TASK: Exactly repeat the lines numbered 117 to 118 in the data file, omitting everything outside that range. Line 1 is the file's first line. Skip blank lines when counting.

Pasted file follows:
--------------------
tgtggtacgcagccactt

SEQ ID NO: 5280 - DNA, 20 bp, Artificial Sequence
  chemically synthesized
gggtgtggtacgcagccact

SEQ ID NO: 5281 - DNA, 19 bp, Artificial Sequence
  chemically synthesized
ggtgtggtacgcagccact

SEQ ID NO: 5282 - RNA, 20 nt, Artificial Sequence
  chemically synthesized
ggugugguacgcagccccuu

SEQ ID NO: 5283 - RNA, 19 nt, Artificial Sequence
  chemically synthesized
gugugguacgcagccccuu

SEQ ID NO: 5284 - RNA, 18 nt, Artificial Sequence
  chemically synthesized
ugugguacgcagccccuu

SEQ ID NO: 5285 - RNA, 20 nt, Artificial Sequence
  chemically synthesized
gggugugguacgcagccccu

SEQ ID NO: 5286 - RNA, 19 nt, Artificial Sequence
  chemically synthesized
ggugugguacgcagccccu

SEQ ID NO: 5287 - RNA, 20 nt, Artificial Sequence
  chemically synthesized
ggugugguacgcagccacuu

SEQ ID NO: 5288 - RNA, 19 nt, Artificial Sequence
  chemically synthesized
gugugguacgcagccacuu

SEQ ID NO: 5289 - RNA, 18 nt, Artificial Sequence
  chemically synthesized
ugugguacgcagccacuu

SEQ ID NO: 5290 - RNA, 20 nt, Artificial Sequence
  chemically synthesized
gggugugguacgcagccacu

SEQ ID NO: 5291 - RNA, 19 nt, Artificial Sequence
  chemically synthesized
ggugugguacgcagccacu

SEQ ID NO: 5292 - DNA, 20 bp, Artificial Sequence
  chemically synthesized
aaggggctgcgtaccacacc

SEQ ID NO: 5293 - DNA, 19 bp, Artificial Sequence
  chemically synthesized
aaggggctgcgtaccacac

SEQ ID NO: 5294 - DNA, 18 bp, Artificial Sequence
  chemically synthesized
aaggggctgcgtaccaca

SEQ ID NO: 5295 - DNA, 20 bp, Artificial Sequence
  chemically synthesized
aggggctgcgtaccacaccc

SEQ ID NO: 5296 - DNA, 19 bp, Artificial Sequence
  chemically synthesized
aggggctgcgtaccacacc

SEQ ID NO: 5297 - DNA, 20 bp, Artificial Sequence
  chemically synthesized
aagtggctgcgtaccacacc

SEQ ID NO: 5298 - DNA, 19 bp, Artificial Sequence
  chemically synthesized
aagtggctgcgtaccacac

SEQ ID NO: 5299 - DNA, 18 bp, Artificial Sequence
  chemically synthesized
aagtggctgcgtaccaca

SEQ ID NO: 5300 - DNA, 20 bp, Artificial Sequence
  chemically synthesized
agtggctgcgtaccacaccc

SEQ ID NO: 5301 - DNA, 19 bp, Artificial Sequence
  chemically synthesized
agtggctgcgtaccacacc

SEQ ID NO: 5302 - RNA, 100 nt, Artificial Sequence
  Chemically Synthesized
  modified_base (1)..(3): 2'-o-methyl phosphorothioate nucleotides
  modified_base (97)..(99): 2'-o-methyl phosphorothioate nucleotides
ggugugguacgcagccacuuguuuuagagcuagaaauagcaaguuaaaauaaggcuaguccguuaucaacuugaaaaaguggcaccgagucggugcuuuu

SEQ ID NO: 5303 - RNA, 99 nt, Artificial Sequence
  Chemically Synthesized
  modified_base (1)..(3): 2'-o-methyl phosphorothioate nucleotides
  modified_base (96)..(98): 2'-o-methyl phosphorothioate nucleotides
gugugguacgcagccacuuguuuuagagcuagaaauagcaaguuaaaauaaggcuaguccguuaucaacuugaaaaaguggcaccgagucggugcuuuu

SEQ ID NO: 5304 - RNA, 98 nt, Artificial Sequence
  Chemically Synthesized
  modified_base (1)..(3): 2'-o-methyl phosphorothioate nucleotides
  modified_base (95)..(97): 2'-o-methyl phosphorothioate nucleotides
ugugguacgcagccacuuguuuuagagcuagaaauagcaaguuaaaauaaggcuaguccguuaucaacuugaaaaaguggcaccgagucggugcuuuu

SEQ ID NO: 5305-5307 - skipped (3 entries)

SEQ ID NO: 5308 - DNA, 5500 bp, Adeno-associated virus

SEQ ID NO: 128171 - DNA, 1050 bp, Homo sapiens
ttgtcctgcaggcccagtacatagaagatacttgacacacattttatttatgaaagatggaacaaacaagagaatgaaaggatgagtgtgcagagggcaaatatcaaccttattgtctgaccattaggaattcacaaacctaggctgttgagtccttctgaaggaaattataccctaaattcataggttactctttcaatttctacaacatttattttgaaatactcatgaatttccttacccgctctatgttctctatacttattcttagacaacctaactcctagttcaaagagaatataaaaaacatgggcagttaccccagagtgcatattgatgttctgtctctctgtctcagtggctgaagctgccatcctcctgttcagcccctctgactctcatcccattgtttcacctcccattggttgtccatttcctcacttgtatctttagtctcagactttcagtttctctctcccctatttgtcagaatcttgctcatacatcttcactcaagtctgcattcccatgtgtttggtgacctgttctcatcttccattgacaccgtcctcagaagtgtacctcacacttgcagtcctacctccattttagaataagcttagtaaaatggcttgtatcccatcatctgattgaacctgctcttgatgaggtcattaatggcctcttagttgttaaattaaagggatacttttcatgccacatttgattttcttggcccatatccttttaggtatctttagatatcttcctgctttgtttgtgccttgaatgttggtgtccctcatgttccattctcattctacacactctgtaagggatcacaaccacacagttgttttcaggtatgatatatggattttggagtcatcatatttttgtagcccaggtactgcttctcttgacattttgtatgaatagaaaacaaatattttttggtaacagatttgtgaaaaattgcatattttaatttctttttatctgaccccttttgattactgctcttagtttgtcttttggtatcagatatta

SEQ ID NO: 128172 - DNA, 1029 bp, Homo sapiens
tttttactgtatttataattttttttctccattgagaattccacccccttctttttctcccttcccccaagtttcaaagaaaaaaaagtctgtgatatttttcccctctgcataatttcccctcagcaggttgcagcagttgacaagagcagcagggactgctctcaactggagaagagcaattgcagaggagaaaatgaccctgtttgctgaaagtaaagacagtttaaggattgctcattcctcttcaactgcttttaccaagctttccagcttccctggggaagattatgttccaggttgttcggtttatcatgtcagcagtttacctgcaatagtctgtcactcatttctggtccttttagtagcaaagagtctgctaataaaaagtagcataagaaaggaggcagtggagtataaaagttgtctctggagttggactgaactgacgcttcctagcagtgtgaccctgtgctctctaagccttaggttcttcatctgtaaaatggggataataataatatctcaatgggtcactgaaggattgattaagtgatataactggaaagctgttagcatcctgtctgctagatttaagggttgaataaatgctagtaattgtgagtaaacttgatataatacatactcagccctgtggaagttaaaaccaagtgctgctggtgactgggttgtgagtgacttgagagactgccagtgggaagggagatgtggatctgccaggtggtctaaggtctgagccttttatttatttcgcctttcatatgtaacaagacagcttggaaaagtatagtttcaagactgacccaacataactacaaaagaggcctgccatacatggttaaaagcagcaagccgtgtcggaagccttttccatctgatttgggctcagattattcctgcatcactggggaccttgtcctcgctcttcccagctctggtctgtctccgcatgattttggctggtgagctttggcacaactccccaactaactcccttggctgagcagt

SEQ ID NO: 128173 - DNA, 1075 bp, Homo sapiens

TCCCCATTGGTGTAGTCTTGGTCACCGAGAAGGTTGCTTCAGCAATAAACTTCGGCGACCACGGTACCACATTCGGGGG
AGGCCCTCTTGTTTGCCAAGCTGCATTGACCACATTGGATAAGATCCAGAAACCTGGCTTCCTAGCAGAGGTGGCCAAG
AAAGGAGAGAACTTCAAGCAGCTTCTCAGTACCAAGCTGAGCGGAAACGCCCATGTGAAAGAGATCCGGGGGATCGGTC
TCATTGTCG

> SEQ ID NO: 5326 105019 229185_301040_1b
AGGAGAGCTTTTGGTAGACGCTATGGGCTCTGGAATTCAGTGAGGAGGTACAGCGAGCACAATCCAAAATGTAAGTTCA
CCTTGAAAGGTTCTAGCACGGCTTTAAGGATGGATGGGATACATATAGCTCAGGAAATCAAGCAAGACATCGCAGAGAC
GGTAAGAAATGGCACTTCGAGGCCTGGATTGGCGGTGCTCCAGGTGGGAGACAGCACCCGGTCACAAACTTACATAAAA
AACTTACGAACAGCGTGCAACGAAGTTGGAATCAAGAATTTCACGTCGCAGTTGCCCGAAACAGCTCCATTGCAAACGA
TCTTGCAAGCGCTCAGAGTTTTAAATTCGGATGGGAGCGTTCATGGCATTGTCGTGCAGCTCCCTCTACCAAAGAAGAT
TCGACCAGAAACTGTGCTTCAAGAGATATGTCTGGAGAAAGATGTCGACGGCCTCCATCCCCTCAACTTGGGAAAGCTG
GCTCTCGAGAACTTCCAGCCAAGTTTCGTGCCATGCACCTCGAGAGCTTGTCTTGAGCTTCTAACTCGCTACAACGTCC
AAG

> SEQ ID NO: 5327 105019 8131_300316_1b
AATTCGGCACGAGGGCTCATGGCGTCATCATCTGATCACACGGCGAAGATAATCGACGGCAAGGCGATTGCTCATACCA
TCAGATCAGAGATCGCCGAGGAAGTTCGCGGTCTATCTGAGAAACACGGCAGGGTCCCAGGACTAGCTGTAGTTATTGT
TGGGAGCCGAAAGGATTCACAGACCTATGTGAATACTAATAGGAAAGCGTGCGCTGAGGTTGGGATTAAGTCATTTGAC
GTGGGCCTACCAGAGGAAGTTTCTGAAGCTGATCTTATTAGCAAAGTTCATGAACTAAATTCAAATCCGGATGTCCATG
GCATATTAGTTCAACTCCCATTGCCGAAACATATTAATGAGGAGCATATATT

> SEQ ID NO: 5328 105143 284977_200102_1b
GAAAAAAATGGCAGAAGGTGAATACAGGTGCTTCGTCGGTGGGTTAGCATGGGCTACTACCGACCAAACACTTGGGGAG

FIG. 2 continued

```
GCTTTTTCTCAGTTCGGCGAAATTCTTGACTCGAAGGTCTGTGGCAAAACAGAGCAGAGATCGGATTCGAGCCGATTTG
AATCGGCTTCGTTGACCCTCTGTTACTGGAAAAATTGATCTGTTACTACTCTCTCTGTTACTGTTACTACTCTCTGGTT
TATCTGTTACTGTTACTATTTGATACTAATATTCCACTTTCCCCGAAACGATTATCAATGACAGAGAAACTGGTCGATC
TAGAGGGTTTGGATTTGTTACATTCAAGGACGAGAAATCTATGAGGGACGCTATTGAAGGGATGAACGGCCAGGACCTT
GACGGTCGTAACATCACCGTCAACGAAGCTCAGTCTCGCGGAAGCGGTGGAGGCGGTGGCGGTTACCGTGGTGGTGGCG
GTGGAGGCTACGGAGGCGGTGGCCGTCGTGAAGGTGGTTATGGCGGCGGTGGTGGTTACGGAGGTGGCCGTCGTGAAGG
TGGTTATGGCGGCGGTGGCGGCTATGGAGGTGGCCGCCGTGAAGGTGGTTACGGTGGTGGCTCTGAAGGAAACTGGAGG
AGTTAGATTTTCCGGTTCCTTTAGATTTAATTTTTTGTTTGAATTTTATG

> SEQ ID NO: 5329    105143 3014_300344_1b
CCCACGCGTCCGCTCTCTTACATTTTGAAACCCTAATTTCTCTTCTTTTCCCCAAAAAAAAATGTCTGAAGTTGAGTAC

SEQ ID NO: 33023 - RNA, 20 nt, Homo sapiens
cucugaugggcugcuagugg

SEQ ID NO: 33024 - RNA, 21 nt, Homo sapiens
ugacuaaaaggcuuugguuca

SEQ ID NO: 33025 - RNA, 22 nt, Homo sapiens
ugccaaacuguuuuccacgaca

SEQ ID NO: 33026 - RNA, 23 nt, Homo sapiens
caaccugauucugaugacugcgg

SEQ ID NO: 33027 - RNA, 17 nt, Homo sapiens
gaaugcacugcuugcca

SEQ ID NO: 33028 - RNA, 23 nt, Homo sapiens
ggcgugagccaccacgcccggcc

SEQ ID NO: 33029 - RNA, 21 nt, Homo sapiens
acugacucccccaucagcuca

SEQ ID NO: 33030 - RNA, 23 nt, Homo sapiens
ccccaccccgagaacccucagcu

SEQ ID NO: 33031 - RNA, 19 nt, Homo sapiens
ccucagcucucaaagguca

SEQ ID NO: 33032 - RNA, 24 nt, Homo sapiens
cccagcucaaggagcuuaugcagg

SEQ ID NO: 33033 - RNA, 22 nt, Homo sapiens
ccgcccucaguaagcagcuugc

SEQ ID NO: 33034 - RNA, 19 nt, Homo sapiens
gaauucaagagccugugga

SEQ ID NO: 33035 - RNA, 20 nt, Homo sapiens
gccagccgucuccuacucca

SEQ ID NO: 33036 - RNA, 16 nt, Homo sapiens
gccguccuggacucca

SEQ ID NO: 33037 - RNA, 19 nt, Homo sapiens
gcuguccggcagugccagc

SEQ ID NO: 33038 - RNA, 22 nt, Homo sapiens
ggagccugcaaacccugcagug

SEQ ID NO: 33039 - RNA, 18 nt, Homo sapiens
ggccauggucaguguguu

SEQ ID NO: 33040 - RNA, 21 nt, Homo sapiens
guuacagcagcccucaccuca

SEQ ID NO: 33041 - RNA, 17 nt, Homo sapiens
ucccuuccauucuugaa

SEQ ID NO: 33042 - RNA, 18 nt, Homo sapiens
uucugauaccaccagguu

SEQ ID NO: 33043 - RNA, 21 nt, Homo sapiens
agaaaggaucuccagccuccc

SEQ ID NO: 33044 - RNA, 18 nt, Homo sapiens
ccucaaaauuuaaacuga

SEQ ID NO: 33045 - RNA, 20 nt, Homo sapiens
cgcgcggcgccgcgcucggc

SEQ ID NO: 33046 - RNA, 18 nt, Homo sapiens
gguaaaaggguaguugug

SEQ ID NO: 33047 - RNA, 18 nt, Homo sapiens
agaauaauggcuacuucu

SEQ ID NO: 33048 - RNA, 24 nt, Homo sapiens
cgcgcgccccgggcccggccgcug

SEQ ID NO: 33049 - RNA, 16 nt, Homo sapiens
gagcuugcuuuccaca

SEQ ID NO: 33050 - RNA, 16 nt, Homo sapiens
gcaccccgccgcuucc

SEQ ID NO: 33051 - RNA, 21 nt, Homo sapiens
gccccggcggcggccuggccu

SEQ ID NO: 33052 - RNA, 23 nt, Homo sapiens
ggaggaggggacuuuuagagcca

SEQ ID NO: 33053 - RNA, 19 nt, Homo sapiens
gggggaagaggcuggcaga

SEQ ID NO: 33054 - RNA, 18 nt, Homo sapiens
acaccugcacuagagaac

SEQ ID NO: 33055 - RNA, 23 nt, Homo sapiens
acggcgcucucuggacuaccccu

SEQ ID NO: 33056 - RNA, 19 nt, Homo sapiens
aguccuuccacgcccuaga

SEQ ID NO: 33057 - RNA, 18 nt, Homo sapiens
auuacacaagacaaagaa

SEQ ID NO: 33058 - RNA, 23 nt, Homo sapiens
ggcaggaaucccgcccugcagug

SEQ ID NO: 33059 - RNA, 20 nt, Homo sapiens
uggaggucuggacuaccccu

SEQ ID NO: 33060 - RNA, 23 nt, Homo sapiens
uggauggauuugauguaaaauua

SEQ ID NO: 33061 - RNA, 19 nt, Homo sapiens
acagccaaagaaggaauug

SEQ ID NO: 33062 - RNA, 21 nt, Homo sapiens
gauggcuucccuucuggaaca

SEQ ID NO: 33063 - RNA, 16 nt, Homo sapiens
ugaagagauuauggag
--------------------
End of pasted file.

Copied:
GACGGTCGTAACATCACCGTCAACGAAGCTCAGTCTCGCGGAAGCGGTGGAGGCGGTGGCGGTTACCGTGGTGGTGGCG
GTGGAGGCTACGGAGGCGGTGGCCGTCGTGAAGGTGGTTATGGCGGCGGTGGTGGTTACGGAGGTGGCCGTCGTGAAGG